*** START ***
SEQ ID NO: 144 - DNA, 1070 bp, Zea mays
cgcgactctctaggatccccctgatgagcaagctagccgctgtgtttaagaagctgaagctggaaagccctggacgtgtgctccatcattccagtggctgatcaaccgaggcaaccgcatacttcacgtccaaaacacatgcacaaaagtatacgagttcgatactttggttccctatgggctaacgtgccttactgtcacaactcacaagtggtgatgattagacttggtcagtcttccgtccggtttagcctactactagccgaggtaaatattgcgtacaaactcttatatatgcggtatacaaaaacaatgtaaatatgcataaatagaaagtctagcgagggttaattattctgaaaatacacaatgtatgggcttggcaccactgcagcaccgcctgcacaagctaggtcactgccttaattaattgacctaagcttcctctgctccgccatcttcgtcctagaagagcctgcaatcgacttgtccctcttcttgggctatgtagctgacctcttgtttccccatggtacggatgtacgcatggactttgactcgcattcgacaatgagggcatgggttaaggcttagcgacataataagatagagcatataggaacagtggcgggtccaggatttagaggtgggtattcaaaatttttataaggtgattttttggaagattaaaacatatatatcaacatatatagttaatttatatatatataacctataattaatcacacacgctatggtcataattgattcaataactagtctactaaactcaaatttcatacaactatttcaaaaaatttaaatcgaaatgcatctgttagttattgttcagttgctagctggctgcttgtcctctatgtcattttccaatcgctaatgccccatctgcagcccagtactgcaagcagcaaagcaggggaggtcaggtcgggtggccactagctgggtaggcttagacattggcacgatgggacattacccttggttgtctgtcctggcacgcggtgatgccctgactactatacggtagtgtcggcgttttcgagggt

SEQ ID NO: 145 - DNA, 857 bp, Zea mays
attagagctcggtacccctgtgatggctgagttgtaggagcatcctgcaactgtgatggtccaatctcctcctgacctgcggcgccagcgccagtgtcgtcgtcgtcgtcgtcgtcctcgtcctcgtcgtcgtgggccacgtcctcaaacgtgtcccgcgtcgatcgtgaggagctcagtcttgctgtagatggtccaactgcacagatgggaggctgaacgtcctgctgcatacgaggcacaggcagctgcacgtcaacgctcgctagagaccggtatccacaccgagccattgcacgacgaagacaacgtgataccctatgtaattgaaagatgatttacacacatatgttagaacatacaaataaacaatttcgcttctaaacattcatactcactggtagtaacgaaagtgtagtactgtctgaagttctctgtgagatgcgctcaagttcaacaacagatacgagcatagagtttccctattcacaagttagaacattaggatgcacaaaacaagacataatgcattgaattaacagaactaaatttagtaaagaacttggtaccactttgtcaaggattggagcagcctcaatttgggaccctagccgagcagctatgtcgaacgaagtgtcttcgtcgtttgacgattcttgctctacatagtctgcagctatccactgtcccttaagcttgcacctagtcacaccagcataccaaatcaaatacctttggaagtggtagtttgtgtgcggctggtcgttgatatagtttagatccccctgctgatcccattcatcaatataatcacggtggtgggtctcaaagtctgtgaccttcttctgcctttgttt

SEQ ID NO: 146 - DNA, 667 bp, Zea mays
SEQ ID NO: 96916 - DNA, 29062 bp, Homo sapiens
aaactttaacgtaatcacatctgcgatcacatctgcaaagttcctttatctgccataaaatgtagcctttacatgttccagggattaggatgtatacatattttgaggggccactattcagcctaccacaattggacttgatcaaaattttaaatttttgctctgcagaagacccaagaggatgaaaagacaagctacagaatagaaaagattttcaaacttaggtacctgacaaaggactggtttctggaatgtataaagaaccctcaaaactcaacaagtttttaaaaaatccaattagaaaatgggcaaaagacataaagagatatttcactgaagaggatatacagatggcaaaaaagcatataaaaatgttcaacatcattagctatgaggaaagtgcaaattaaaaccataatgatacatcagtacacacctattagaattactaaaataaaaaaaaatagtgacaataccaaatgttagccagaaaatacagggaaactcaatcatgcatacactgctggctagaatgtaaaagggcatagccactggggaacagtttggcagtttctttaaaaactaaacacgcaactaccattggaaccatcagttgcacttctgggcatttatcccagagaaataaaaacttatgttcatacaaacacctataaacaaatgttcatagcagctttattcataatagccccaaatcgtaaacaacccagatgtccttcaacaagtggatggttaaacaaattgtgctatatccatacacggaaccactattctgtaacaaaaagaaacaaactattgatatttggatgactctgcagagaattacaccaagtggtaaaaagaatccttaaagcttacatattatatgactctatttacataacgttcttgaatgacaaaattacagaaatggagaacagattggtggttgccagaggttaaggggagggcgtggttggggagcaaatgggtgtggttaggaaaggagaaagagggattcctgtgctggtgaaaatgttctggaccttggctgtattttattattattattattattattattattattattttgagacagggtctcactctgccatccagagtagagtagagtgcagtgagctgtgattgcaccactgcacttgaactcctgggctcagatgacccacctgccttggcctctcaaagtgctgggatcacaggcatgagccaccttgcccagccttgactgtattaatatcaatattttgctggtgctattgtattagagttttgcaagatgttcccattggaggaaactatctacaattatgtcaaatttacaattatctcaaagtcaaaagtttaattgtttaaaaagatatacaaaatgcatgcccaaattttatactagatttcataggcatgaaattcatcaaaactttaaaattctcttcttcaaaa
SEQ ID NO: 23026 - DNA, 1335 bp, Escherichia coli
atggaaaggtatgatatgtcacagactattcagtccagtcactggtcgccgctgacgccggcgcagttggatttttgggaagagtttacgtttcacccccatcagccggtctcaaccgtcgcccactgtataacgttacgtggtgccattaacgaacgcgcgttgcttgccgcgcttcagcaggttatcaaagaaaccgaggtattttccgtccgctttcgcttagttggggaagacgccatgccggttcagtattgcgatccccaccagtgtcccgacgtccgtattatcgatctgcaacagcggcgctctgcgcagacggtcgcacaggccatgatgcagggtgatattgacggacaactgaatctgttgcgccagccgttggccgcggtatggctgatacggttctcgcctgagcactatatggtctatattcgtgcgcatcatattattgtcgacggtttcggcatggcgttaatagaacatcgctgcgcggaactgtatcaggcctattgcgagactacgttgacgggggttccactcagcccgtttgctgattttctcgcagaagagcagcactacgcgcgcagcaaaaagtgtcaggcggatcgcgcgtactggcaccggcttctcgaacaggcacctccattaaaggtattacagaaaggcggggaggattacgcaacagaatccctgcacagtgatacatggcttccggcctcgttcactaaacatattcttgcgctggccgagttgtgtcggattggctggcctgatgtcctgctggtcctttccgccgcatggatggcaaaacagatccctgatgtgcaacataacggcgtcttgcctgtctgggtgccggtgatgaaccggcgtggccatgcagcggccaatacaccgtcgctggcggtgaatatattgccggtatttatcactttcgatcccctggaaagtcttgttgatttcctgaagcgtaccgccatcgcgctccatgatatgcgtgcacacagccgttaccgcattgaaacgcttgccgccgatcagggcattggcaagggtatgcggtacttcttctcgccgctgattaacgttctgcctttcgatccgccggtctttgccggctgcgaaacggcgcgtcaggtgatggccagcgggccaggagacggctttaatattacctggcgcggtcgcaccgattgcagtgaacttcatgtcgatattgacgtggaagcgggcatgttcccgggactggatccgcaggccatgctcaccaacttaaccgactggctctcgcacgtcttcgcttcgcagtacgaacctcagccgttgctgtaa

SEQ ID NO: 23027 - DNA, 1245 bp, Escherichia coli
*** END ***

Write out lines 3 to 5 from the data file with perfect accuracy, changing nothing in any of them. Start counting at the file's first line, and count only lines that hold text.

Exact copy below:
SEQ ID NO: 145 - DNA, 857 bp, Zea mays
attagagctcggtacccctgtgatggctgagttgtaggagcatcctgcaactgtgatggtccaatctcctcctgacctgcggcgccagcgccagtgtcgtcgtcgtcgtcgtcgtcctcgtcctcgtcgtcgtgggccacgtcctcaaacgtgtcccgcgtcgatcgtgaggagctcagtcttgctgtagatggtccaactgcacagatgggaggctgaacgtcctgctgcatacgaggcacaggcagctgcacgtcaacgctcgctagagaccggtatccacaccgagccattgcacgacgaagacaacgtgataccctatgtaattgaaagatgatttacacacatatgttagaacatacaaataaacaatttcgcttctaaacattcatactcactggtagtaacgaaagtgtagtactgtctgaagttctctgtgagatgcgctcaagttcaacaacagatacgagcatagagtttccctattcacaagttagaacattaggatgcacaaaacaagacataatgcattgaattaacagaactaaatttagtaaagaacttggtaccactttgtcaaggattggagcagcctcaatttgggaccctagccgagcagctatgtcgaacgaagtgtcttcgtcgtttgacgattcttgctctacatagtctgcagctatccactgtcccttaagcttgcacctagtcacaccagcataccaaatcaaatacctttggaagtggtagtttgtgtgcggctggtcgttgatatagtttagatccccctgctgatcccattcatcaatataatcacggtggtgggtctcaaagtctgtgaccttcttctgcctttgttt

SEQ ID NO: 146 - DNA, 667 bp, Zea mays